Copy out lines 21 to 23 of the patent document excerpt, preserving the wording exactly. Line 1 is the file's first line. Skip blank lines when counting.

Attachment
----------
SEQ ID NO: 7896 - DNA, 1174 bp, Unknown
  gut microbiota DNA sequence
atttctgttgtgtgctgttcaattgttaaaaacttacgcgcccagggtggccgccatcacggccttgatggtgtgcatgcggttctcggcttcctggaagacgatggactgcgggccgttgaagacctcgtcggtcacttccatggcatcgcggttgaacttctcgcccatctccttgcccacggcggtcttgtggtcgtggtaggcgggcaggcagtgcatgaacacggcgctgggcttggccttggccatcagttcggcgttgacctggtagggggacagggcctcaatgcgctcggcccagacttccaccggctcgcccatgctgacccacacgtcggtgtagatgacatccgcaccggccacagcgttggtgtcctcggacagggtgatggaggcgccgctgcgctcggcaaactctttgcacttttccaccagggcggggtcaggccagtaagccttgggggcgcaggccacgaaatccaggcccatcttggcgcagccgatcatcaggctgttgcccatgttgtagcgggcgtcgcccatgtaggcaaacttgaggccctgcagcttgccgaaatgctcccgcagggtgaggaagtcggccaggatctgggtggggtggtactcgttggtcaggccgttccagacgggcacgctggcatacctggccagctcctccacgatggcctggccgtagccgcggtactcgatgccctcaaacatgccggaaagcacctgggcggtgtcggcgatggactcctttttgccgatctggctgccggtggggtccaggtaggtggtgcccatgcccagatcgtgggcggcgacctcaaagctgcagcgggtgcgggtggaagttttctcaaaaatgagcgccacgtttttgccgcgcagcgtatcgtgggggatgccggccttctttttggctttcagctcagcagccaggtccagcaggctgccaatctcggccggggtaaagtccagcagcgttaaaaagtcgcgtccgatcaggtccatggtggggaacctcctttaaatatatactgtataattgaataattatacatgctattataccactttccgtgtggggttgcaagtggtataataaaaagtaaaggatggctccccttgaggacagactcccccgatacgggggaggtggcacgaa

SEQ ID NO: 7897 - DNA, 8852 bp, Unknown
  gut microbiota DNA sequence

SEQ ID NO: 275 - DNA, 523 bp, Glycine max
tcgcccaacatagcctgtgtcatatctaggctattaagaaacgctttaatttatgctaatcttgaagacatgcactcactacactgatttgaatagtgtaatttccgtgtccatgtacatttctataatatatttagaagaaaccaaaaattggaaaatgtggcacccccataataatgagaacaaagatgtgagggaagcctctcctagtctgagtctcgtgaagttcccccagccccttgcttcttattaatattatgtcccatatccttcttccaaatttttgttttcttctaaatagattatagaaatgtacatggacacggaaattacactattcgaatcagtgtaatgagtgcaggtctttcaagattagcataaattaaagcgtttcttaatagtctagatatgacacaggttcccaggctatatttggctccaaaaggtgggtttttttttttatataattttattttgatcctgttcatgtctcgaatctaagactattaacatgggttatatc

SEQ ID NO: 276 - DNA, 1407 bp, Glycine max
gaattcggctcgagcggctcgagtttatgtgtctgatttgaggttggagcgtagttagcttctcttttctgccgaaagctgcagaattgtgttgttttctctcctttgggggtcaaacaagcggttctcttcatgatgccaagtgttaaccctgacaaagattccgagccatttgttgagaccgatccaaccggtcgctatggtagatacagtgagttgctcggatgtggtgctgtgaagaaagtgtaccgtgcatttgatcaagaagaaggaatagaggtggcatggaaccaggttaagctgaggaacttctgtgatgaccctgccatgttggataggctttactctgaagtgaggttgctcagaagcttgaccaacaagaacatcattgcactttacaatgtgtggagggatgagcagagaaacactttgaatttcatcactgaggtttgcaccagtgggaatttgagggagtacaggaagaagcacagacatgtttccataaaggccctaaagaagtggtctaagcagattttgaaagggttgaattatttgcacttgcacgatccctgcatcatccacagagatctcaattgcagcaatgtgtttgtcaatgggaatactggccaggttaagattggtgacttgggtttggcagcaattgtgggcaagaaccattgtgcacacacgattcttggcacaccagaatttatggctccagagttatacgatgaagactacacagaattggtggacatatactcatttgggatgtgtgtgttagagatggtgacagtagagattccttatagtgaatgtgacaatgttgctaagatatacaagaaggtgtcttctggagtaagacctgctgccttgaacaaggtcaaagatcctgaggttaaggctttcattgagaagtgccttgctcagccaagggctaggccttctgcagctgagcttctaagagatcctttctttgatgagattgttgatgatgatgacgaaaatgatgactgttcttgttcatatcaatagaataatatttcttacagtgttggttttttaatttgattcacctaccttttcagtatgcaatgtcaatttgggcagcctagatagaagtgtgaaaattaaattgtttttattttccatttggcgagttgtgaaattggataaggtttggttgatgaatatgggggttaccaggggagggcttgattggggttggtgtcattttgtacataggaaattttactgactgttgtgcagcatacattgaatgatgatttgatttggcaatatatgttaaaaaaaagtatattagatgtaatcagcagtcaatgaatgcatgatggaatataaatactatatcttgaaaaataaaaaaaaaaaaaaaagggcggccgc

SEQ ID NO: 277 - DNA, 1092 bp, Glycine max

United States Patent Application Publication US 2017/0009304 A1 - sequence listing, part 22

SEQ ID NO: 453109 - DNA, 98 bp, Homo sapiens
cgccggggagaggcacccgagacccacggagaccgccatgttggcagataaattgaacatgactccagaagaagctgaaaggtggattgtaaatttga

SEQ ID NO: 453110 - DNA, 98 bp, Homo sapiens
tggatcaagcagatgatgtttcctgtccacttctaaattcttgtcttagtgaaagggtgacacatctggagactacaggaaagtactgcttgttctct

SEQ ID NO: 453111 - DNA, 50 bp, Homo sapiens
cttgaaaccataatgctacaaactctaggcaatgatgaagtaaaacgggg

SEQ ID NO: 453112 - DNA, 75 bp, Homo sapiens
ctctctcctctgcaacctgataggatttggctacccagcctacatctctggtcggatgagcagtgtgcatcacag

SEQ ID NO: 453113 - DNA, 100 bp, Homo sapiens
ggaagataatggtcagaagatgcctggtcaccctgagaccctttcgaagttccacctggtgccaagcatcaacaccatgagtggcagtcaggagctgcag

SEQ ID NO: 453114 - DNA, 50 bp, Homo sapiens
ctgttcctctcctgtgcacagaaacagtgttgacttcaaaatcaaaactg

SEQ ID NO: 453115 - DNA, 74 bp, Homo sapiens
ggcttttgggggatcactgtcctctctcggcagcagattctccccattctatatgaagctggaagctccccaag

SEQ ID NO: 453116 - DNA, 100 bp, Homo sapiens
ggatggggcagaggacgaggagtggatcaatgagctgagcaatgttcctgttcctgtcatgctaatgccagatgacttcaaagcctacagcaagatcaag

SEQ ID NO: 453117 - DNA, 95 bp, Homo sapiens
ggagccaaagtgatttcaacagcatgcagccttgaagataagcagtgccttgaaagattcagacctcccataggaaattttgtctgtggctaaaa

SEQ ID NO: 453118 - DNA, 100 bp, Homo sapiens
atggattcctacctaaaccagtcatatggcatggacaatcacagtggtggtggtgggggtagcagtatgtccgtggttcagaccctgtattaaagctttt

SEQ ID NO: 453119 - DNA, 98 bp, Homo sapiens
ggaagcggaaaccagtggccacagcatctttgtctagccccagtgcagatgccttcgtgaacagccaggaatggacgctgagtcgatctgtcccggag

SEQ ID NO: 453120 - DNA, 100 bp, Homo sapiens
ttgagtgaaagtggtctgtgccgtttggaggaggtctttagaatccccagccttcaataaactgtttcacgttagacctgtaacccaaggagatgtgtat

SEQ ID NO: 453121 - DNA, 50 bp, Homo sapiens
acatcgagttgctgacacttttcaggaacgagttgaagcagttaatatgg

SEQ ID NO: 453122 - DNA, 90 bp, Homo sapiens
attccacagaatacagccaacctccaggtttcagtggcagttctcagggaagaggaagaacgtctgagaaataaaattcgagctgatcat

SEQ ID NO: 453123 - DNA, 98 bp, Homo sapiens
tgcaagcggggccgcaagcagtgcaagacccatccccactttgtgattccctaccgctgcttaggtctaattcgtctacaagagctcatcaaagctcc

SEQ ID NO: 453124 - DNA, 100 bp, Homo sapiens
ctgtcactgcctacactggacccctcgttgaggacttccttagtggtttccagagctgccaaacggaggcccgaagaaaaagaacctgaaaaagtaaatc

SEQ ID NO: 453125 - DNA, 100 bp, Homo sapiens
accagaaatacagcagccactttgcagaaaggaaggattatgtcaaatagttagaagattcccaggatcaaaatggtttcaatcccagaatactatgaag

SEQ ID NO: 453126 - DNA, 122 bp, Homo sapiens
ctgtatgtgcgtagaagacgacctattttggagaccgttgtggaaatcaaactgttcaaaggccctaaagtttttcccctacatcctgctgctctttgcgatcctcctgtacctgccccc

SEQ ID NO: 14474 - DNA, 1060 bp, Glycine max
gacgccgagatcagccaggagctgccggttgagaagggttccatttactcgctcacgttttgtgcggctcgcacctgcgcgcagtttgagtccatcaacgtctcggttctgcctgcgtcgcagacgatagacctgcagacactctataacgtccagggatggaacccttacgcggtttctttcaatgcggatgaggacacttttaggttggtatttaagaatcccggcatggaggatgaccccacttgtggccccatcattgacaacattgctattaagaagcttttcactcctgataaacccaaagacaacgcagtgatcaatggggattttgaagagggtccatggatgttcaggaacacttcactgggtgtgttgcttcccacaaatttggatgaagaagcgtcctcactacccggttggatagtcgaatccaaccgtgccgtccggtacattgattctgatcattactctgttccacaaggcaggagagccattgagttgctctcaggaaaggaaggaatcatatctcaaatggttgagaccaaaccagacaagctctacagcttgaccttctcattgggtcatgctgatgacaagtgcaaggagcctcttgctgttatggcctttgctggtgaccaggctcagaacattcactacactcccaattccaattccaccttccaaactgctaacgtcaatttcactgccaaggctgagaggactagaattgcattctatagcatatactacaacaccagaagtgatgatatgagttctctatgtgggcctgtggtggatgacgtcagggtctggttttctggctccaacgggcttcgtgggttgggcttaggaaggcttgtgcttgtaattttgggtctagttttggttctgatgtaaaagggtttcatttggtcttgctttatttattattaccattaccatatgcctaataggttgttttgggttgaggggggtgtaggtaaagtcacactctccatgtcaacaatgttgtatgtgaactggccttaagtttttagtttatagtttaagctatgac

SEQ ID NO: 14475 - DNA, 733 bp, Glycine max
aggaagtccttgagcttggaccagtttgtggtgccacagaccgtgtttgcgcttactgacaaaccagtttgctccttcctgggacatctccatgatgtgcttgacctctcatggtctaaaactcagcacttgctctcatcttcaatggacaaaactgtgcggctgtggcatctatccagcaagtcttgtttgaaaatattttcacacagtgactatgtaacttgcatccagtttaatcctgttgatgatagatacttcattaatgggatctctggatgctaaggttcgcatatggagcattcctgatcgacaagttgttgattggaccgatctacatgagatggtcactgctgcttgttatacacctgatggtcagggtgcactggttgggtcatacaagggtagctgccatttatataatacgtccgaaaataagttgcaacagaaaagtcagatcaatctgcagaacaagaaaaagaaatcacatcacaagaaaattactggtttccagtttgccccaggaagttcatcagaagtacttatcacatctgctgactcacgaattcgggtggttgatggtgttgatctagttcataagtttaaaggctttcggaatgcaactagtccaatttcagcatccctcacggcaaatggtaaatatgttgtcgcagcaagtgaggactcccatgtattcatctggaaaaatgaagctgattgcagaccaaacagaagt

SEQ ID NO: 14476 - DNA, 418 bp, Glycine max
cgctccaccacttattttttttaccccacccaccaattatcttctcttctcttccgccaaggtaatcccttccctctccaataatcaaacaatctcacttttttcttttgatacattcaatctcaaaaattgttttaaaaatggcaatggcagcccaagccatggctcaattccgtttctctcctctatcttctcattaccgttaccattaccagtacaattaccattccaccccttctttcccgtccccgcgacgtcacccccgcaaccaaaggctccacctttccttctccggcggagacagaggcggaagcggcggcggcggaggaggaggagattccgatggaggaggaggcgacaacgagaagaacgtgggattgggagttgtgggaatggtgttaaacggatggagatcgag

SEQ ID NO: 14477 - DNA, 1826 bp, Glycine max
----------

ggaagataatggtcagaagatgcctggtcaccctgagaccctttcgaagttccacctggtgccaagcatcaacaccatgagtggcagtcaggagctgcag

SEQ ID NO: 453114 - DNA, 50 bp, Homo sapiens
ctgttcctctcctgtgcacagaaacagtgttgacttcaaaatcaaaactg